Maybe it’s the straight-to-video action movie genre or the rising popularity of MMA that’s to blame, seeing that both seem to love setting action to metal guitars and electronic beats, but despite metal remix albums almost always sucking they’re not disappearing any time soon.
On February 24th, Morbid Angel will release Illud Divinum Insanus—the Remixes, a double-disc compilation of their most controversial album, the album which put the camp ‘90s industrial goose-step a la Marilyn Manson and weird, bangin’ techno to the Tampa quartet’s formidable dual specialties of riff and blast, and y’know, the typical fare of that once-radical genre death metal. Of course, Morbid Angel have form with the remix album; in ‘94 they released a four-track EP with set standards “Sworn to the Black” and “God of Emptiness” reimagined by seminal Slovenian industrialists Laibach. And hey, that turned out all right.
Morbid Angel “God of Emptiness” — Laibach mix
The merits of Illud… are irrelevant when it comes to the remix. Ha! Yes, you could ask yourself how can it be any worse? But whether or not you dig Illud… or not, 31 dudes have had their hands on the soundfiles and have done their worst. Some of the names will be familiar—Treponem Pal resonate somewhere, though possibly in the narrative of a long-held nightmare—but others may need some introduction. Morbid Angel’s attitude to the whole project is refreshing, in that they just handed over the tracks and let whoever was doing what do whatever. Umm, and though hardcore techno DJ/Producer chump Scott Brown having his hands on a Morbid Angel track better it’s “I Am Morbid” than “Chapel of Ghouls”, right?
“Well it’s interesting, Trey and I chose a group of artists that we would like to see involved,” says Morbid Angel frontman/bassist David Vincent. “ But not all of these were able to do it because everybody’s got time constraints and whatever. The label chose some…. It was actually a very Bohemian effort; we made the tracks available, said ‘Do what you want to do’. We didn’t micro-manage in any way. I haven’t heard all of them yet; I’ve heard a number of them. I’ve heard some stuff that I thought was very interesting. I heard some stuff that would even surprise me a little bit, but again: it’s just art. At least with the folks that we chose—micro-managing, let’s say if you’re working for a video game company, and say, ‘I want something that sounds like this for this fight scene.’ So you’re writing specifically for that fight scene, specifically for something. Or even if you are writing a jingle for a commercial, then something like that has got to be targeted. But generally speaking, with paintings and music, new culinary experiences, I love it when things are unexpected, and I just allow it to be what it wants to be because it adds more spice to life for sure.”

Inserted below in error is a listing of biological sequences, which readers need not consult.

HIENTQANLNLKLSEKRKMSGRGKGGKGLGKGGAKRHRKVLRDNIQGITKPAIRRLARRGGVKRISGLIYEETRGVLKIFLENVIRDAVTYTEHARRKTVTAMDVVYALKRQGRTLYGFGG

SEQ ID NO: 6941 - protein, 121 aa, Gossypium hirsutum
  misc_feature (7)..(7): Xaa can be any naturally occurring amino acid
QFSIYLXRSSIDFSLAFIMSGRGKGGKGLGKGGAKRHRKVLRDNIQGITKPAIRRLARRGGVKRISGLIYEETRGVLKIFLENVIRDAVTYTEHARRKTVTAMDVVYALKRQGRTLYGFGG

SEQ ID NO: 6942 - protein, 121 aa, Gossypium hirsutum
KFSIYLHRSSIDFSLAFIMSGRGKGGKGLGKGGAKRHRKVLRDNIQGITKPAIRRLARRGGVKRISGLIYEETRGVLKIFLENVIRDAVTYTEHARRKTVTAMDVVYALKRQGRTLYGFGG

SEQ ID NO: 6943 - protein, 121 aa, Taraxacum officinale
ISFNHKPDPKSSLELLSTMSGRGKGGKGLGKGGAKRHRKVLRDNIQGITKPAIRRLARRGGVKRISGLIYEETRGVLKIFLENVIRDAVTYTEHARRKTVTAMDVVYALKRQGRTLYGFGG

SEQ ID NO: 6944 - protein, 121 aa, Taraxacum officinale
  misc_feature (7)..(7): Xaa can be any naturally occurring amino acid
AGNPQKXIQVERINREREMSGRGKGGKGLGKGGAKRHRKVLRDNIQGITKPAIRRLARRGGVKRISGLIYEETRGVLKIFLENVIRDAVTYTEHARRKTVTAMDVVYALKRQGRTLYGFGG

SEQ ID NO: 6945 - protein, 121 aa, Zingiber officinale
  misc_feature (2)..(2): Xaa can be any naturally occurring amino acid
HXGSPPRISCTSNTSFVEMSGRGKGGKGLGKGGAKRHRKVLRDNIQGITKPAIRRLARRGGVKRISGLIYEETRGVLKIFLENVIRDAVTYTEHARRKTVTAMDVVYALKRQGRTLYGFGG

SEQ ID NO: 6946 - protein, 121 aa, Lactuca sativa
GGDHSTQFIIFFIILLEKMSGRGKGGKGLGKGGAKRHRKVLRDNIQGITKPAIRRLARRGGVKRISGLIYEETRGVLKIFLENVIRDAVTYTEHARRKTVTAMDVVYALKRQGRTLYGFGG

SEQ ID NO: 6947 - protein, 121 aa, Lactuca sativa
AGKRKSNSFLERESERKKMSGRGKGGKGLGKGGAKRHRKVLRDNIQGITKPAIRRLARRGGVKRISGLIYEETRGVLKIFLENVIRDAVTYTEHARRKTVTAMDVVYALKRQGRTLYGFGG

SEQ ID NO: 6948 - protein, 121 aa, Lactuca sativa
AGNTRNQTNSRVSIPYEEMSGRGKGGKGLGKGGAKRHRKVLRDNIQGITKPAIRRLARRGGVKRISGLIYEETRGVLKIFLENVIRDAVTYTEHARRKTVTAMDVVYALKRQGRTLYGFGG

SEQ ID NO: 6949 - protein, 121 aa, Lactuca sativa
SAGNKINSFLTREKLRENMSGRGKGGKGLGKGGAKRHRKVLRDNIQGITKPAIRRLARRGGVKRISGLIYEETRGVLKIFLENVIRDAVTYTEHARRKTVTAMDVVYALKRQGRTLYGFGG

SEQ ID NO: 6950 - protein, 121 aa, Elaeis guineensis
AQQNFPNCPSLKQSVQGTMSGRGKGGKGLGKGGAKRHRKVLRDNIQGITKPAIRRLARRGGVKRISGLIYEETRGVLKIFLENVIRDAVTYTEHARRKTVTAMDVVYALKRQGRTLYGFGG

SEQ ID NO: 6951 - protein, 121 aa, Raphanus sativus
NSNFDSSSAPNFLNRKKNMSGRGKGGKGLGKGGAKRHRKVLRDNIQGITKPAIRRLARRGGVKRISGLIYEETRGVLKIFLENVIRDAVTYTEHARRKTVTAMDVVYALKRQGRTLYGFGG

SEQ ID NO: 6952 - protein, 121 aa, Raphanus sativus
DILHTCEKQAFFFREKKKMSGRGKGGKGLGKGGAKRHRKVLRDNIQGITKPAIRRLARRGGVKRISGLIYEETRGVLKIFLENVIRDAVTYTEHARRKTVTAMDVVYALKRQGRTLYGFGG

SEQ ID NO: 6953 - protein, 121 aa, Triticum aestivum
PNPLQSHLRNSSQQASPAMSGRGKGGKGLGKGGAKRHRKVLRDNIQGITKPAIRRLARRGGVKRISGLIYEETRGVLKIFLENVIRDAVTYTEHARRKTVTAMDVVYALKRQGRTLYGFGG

Morbid Angel Illud Divinum Insanus — the remixes
If that trailer/teaser worries or excites you unduly, consider the critically acclaimed but frankly fucking awful Fear Factory Demanufacture remix album. 1997 was a year when Burton and Dino would be talking incessantly about the merits of electronic music, techno and so forth, to any magazine that’d listen, yet at the same time went on and commissioned some of the blandest, most gauche nonsense to effectively vandalize the coolest album they ever made. This came at a time when the Prodigy were championed as bastions of this rock/metal/techno crossover, and relevant, required listening for metal fands when really they just made awful music for idiots who liked to vamp up shitty production model Fords, tint the windows and drive right to the edge of the speed limit in suburban towns—that’s what happened in the UK, at least.
Fear Factory “Remanufacture” — Rhys Fulber mix, from Remanufacture
Melvins’ Chicken Switch was at least an interesting concept, turning over the whole album to producers to remix. But the results were questionable, well, kinda dreadful albeit abstractly inoffensive.
Melvins “Linkshänder” — Matmos mix from Chicken Switch
Out of all of these the Morbid Angel/Laibach project was the most worthy, and maybe Illud… will scrub up OK? Hey, can’t be any worse than this:
Sorry: cheap shots, but really does anyone care for remixes? And how come they never sound like Ministry’s Psalm:69?